Further reading

Ebin, L. A. "John Barbour's Bruce: Poetry, History and Propaganda." Studies in Scottish Literature 9 (1971-72): 218-242.

Goldstein, R. J. The Matter of Scotland. Lincoln and London:

University of Nebraska Press, 1993. Kliman, B. W. "The Idea of Chivalry in Barbour's Bruce." Studies in Scottish Literature 35 (1973): 477-508.

Sergi Mainer

BRUSSELS CROSS (11th century) A reliquary (relic case) now housed in the Cathedral of Sts. Michael and Gudule in Brussels, Belgium, the badly damaged wooden cross, once covered in silver and jewels, bears an inscription, in Futhark runes, resem bling lines from The Dream of the Rood, a dream vision written in the West Saxon dialect of old English.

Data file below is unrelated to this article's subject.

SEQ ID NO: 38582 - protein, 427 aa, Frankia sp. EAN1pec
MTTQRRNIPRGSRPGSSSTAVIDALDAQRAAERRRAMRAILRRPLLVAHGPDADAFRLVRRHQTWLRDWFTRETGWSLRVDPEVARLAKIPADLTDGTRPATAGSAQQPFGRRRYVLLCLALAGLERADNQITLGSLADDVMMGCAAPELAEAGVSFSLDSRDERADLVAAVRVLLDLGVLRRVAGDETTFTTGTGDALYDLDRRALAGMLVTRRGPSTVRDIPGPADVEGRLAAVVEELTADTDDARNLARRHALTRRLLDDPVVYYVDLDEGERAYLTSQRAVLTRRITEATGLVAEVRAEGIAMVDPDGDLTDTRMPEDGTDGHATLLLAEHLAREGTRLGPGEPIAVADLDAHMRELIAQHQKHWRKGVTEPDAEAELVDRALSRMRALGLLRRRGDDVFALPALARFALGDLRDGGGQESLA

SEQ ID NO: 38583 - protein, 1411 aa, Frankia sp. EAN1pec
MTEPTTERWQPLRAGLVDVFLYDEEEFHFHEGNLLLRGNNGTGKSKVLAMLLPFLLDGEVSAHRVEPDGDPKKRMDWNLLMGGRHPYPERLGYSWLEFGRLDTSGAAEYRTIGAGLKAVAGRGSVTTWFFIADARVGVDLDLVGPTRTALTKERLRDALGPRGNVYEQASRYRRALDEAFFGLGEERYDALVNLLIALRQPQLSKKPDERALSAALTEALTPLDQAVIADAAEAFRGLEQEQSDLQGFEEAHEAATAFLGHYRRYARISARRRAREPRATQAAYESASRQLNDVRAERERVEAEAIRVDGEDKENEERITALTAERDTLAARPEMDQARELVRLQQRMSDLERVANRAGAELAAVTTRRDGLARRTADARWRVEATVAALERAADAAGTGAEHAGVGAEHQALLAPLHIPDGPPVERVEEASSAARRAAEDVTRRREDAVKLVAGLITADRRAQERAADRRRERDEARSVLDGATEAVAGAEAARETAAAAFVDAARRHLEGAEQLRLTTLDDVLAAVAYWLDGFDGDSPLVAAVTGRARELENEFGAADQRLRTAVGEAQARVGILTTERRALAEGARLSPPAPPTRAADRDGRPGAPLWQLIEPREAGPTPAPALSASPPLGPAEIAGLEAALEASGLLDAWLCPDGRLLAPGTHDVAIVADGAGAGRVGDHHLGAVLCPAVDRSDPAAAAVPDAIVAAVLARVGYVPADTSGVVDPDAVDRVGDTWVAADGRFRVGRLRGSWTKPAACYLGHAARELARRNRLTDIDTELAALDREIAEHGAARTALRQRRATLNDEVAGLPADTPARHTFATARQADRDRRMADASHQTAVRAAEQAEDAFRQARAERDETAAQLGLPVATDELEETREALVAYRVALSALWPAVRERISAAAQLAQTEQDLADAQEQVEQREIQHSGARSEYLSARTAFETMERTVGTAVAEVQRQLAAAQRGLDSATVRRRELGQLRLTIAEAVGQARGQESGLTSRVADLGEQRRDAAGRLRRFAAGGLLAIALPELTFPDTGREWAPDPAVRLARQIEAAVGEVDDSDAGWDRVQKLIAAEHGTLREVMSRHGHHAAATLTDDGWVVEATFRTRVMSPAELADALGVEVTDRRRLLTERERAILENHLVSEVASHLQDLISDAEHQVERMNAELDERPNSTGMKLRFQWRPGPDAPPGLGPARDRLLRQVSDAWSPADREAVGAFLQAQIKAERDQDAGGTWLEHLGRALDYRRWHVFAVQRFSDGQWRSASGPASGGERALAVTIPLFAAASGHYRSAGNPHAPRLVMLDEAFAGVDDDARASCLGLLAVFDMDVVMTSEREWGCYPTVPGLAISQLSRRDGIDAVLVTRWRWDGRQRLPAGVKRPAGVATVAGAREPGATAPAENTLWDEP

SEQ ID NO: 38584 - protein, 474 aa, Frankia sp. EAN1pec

The craftsman Drahmal (whose name is carved in the plate) constructed the cross in England, probably in the early 11th century. Besides the poem, the cross features a dedication: "To ^lfric from his brothers, ^thelm®r and ^thelwold." Numerous attempts to identify the three brothers have proved unsuccessful, and the cross remains something of a mystery.

See also Ruthwell cross.

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